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Long Period Average

News: The India Meteorological Department (IMD) forecast monsoon to be 101% of the Long Period Average (LPA) of 88 cm. Central India will receive an excess of rainfall where the northeast would see a 5% shortfall.  

Long Period Average: 

  • Long Period Average (LPA) is the average rainfall received over a period of 50-year between 1951 and 2001. This average for India is  88 cm of rainfall.

  • Monsoon months from June to September are taken for calculating this average and this average is also kept as a benchmark while forecasting the quantitative rainfall for the monsoon season every year. 

  • Indian Meteorological Department (IMD) maintains five rainfall distribution categories on an all-India scale which are as follows:

    • Normal or Near Normal: if the variation of actual rainfall is +/-10% of LPA, that is, between 96-104% of LPA then that is considered as normal/near normal.

    • Below normal: if the variation in actual rainfall is less than 10% of LPA, that is 90-96% of LPA  then that is considered as below normal.

    • Above normal: if the rainfall in a year is 104-110% of LPA.

    • Deficient: if the actual rainfall in a year is less than 90% of LPA.

Excess: when the actual rainfall in a year is more than 110% of LPA.

2nd June 2021: Text

Sand Mining

News: National Green Tribunal has asked the Uttar Pradesh Government to control illegal sand mining in the state.

What is Sand mining?

Sand mining refers to the extraction of sand mainly through open pits and sometimes form the beaches and inland dunes or from ocean and river beds. 

Sand is the most mined material from the earth. Almost around 85% of the material that extract from the earth is sand, gravel or other aggregate materials.

Uses of sand:

  • Sand is virtually used in every construction or manufacturing process and is even used as an ingredient in toothpaste. 

  • The annual consumption of sand is around 53 billion tonnes world wide, i.e. to an extent of 20Kg per person per day. The demand is expected to increase to a level of 60 billion tonnes per year by 2030.

  • Though a large part of earth is covered with desert and has a huge quantity of open sand, desert sand is functionally useless. The grains of desert sand have been weathered by wind, leaving them smooth and rounded.

  • Thus the sand is generally extracted from riverbeds and banks, in lakes and along shorelines. This sand is laden with silica, which is melted down to make glass for windows, windshields, and smartphone screens.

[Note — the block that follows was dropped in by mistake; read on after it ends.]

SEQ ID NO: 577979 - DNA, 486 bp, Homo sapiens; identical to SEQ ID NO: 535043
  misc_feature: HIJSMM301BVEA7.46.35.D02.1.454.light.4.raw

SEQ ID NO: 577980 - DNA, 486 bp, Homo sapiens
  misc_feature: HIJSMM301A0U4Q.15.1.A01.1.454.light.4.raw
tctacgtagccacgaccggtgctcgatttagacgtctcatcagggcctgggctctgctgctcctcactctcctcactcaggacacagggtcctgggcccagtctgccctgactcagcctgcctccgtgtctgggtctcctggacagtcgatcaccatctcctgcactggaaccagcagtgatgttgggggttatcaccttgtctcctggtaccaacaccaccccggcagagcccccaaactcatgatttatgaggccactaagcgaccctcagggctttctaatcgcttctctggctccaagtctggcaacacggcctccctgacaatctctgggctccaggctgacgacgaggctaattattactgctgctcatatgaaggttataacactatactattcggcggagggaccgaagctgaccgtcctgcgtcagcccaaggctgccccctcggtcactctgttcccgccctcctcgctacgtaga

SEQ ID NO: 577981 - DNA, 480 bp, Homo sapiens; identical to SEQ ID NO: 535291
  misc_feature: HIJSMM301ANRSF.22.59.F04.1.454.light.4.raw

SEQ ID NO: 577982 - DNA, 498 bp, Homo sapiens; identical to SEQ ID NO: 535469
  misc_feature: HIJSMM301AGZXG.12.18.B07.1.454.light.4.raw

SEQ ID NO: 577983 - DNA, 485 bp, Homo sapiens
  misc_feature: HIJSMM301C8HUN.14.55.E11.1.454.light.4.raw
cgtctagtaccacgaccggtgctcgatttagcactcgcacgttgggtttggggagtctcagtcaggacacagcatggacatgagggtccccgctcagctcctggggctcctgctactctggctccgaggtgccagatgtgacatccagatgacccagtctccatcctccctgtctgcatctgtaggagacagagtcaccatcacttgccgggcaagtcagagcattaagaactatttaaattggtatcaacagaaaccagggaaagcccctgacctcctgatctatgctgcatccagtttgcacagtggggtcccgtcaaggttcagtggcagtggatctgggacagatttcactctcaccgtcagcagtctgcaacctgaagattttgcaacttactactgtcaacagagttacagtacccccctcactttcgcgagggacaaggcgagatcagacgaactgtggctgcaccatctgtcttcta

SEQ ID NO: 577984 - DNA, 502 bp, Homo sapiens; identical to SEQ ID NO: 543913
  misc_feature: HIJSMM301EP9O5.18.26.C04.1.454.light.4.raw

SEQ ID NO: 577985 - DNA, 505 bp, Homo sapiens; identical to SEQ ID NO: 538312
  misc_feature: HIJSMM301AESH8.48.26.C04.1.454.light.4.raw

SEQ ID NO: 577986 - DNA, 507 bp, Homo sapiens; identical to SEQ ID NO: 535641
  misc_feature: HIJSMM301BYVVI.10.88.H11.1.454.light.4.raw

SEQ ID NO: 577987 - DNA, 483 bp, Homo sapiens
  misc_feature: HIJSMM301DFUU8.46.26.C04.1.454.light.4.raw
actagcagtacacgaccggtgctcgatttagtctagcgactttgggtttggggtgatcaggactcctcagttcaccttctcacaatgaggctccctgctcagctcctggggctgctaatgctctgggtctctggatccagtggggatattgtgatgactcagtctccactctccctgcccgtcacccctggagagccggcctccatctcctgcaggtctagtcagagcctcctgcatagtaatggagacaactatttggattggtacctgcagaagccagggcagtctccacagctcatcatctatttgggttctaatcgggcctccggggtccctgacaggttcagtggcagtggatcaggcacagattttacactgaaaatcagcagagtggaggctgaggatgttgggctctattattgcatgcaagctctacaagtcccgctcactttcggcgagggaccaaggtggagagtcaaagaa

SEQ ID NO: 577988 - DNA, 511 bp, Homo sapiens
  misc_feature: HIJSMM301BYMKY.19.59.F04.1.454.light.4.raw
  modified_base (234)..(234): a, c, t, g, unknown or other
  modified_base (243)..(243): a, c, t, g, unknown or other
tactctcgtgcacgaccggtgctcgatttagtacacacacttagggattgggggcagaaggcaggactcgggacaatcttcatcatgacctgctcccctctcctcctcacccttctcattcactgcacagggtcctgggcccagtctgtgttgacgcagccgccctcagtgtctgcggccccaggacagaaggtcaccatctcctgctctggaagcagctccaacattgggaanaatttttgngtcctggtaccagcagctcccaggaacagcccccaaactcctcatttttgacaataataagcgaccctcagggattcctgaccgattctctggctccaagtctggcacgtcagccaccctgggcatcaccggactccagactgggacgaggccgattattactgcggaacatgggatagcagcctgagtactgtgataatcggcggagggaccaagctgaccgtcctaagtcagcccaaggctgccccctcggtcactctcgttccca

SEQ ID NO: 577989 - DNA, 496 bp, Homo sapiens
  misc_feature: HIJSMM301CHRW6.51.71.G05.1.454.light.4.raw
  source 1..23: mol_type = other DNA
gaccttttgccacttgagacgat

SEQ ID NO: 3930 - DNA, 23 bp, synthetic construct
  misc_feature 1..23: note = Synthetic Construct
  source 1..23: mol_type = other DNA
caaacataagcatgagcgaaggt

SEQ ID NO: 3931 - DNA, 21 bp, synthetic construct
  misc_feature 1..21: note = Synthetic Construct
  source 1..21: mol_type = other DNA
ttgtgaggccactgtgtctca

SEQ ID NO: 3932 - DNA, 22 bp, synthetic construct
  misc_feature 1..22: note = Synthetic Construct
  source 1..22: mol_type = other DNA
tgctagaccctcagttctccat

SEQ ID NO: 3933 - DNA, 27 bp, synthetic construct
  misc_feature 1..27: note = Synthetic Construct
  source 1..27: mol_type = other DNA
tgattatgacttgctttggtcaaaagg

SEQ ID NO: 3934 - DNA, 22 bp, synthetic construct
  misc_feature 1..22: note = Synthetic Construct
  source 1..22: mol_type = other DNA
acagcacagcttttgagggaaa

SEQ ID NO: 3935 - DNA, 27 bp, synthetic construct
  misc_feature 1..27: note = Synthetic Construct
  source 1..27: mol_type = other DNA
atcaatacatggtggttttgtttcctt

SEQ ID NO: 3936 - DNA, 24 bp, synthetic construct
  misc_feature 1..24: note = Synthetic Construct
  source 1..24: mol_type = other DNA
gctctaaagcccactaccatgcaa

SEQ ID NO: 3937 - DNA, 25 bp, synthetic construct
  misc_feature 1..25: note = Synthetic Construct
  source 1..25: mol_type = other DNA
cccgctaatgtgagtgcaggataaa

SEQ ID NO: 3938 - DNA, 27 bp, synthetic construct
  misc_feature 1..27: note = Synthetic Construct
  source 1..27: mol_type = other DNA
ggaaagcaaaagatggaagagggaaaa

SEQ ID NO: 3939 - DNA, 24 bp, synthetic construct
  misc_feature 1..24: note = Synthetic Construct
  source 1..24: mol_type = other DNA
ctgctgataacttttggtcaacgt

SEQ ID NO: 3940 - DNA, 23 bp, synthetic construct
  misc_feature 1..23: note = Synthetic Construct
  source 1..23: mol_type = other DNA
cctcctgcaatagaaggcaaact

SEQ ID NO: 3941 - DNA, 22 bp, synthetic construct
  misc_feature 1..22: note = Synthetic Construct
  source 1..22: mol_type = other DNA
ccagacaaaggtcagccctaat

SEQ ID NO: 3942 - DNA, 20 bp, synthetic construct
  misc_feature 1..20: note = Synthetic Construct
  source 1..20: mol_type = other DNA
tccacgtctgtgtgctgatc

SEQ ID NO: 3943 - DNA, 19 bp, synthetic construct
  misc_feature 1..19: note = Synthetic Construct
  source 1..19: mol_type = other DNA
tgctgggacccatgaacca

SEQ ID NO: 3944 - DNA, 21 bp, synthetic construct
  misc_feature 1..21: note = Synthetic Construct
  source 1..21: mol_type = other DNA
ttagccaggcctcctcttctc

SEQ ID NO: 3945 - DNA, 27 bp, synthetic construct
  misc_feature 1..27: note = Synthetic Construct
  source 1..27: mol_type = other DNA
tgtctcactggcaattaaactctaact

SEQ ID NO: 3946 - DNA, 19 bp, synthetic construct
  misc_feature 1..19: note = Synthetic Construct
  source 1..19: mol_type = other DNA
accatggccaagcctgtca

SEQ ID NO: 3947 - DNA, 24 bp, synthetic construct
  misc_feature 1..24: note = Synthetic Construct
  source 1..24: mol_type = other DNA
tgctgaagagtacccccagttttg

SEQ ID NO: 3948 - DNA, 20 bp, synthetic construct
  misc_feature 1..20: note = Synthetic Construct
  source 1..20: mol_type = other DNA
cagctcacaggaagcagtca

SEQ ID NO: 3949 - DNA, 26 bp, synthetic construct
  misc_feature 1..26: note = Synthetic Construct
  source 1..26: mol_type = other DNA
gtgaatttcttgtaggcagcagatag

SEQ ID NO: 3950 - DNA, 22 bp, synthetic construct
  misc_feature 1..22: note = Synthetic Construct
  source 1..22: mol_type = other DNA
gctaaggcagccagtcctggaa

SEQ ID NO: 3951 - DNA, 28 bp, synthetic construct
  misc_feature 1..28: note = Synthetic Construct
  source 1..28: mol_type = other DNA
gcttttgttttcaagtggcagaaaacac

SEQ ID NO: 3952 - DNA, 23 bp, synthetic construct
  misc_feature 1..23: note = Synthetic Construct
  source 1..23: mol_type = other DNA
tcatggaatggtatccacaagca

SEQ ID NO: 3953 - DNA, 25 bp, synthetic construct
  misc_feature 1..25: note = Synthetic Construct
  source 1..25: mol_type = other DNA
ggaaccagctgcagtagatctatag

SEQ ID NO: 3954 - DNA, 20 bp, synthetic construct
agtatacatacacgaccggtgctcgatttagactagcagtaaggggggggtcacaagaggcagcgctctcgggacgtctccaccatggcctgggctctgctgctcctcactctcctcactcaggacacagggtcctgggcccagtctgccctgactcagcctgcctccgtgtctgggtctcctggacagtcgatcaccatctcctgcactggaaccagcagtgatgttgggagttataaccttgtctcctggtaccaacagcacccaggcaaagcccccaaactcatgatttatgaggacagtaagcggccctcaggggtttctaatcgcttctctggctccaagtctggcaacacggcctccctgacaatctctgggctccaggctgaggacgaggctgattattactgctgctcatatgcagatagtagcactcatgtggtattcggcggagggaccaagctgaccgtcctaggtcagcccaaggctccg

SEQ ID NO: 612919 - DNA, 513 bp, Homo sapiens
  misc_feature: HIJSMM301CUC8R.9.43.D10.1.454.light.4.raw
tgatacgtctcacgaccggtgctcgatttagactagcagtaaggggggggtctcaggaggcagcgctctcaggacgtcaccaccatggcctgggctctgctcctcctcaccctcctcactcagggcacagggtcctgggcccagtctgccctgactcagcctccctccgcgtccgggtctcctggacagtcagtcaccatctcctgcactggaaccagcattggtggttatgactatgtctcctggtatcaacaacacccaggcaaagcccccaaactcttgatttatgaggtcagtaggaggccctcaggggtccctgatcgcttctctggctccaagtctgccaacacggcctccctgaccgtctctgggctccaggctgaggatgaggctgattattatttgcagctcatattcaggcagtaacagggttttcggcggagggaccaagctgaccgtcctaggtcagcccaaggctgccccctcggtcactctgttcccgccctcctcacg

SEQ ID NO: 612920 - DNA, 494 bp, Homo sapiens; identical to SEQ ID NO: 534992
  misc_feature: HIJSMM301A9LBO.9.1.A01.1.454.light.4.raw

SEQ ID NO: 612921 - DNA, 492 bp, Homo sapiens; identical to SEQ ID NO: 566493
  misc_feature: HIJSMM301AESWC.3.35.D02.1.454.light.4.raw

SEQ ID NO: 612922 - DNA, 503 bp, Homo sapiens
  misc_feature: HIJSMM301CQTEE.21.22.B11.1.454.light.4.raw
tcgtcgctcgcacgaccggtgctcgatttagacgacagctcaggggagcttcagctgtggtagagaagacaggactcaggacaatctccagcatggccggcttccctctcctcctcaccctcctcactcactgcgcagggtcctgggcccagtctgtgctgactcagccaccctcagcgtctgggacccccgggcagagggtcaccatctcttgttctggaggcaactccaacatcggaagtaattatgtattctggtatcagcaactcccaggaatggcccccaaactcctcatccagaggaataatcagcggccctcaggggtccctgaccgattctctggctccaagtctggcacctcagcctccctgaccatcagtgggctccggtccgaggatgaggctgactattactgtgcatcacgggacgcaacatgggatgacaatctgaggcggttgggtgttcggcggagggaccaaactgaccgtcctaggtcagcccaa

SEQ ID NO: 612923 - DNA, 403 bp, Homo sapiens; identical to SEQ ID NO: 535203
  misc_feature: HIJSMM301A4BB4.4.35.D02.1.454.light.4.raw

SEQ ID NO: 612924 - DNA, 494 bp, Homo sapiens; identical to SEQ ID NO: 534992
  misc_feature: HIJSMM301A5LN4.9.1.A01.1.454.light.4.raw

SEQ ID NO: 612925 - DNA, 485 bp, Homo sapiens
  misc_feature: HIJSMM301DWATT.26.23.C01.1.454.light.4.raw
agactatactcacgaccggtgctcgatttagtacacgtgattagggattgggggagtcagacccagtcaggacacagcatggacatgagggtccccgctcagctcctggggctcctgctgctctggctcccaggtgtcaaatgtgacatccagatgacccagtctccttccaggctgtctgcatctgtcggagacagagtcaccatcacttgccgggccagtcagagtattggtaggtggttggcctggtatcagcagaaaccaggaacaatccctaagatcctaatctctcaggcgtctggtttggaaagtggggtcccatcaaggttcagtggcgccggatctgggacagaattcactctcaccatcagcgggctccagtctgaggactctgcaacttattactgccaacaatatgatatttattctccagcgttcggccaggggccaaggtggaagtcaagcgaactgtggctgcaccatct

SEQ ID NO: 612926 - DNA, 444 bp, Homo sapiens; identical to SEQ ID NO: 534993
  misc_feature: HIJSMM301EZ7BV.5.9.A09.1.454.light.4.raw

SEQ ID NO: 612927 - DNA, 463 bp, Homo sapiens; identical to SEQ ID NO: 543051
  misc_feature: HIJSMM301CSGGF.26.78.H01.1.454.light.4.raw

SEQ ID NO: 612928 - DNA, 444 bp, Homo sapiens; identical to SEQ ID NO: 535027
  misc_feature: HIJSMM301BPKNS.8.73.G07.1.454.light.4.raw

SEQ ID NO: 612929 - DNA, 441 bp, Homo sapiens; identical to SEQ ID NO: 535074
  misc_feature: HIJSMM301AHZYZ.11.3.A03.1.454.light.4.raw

Issues related to Sand:

  • As per the United Nations Environment “Sand and Sustainability” report the unsustainable extraction of sand is far exceeding the replenishment rates.

  • Maximum sand mining is being done by China and India.

  • The report highlighted that unsustainable extraction from rivers has led to pollution, flooding, lowering of water aquifers and worsening drought occurrence.

  • Rivers, river deltas and coastlines are eroding, sand mafias are thriving.

  • Further, the demand for sand has increased three-fold over the last decades, driven by shifting consumption patterns, growing populations, increasing urbanisation and rapid infrastructure development.

  • Despite the fact that the sand is one of the most traded commodities on the planet, there is very low general awareness about widespread extraction of sands and its impacts. 

  • There are less regulations for the illegal sand mining. 

Sand mining In India:

  • Sand mining in India first gained prominence when the National Green Tribunal in August 2013 banned sand mining without proper environment clearance. 

  • Since then the country has witnessed cases related to illegal sand mining and the violence related to sand mining for example: in february 2019, the South Asia Network on Dams, Rivers and People (SANDRP) highlighted that at least 28 people died in 2018 in violence related to illegal sand mining. 

  • Poor regulations around sand mining and whatever we have are being diluted while implementation.

2nd June 2021: Text

Sinovac- CoronaVac

News: The World Health Organisation has approved the Sinovac Vaccine manufactured in China, for COVID-19 emergency use.

About the vaccine:

  • It is a two dose vaccine.

  • It is the second chinese vaccine after Sinopharm.

  • Sinovac can be stored at a standard refrigerator temperature of 2- 3 degrees celsius.

  • The approval will allow for its distribution and import-export

  • The approval further allows the entry of Vaccine into the Covax scheme, which aims to provide equitable access to doses around the world, particularly in poorer countries.

2nd June 2021: Text
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